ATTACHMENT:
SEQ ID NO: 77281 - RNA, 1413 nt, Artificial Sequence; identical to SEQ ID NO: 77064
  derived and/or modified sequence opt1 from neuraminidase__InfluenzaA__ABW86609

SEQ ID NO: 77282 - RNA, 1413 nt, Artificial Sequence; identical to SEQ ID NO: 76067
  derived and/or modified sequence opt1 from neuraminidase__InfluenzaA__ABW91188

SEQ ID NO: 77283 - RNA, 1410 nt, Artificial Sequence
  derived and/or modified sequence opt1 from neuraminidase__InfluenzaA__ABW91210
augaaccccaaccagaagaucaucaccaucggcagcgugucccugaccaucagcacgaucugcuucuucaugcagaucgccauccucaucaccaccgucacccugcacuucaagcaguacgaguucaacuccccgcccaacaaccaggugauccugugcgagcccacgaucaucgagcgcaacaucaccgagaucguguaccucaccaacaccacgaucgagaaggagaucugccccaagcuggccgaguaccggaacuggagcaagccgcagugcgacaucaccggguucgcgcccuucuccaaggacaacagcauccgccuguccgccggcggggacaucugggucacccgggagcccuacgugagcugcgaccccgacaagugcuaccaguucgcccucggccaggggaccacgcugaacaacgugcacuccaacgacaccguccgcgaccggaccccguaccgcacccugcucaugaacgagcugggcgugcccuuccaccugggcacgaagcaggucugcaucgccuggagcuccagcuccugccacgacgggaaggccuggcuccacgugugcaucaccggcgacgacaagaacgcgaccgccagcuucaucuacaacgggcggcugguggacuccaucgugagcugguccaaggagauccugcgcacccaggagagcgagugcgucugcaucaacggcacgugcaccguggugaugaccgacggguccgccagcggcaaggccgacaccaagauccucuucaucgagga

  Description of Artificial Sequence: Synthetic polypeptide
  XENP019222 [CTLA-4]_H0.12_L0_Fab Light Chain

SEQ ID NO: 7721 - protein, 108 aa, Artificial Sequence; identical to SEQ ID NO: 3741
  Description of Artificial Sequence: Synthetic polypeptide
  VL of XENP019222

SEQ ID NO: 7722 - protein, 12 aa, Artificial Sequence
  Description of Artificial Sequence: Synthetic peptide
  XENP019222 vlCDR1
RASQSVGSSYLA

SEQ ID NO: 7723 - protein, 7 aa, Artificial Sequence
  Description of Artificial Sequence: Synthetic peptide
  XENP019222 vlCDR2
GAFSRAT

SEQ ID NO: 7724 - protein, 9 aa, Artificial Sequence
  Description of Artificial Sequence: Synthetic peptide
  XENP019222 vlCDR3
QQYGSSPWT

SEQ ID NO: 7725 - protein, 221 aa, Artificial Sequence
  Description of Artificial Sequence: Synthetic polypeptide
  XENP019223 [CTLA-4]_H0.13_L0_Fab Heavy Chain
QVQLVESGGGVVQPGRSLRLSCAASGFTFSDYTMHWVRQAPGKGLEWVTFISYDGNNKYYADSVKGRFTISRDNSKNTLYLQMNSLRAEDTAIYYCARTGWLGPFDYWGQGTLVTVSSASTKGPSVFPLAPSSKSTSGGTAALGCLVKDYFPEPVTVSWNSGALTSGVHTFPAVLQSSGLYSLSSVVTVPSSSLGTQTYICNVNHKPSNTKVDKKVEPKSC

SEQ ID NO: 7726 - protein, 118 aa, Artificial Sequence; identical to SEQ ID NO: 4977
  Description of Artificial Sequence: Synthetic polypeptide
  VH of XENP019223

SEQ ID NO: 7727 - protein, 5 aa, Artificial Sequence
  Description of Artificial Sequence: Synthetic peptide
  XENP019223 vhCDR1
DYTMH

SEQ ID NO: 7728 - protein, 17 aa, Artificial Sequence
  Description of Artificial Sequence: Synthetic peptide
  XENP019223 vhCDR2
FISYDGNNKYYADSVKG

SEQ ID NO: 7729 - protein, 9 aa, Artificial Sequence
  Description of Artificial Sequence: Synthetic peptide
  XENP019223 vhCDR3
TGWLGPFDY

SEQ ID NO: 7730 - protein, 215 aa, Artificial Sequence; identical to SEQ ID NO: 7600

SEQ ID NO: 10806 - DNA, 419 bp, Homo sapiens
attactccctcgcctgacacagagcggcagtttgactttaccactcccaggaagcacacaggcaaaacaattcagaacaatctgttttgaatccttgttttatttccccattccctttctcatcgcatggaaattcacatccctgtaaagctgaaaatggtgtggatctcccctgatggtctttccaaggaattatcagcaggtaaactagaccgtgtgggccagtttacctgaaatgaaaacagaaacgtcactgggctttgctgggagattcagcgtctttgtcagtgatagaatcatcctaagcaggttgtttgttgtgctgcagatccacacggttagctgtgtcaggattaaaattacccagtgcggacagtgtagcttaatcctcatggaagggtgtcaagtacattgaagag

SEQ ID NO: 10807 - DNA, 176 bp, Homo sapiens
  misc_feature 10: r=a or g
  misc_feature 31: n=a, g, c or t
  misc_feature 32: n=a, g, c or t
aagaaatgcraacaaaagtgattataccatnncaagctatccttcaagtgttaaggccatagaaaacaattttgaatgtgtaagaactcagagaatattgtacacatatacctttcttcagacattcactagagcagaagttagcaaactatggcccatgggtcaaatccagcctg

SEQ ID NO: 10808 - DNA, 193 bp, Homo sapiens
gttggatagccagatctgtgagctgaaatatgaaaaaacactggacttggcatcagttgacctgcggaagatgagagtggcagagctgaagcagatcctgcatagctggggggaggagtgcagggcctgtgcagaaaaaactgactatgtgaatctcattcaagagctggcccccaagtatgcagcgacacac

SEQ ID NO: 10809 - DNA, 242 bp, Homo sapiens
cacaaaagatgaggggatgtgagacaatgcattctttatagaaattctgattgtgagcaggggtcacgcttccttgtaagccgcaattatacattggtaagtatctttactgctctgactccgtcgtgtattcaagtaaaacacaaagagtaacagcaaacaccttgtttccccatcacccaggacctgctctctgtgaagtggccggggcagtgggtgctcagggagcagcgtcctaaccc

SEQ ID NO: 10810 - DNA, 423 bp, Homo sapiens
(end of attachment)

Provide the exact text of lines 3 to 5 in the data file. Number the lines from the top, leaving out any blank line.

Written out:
SEQ ID NO: 77282 - RNA, 1413 nt, Artificial Sequence; identical to SEQ ID NO: 76067
  derived and/or modified sequence opt1 from neuraminidase__InfluenzaA__ABW91188

SEQ ID NO: 77283 - RNA, 1410 nt, Artificial Sequence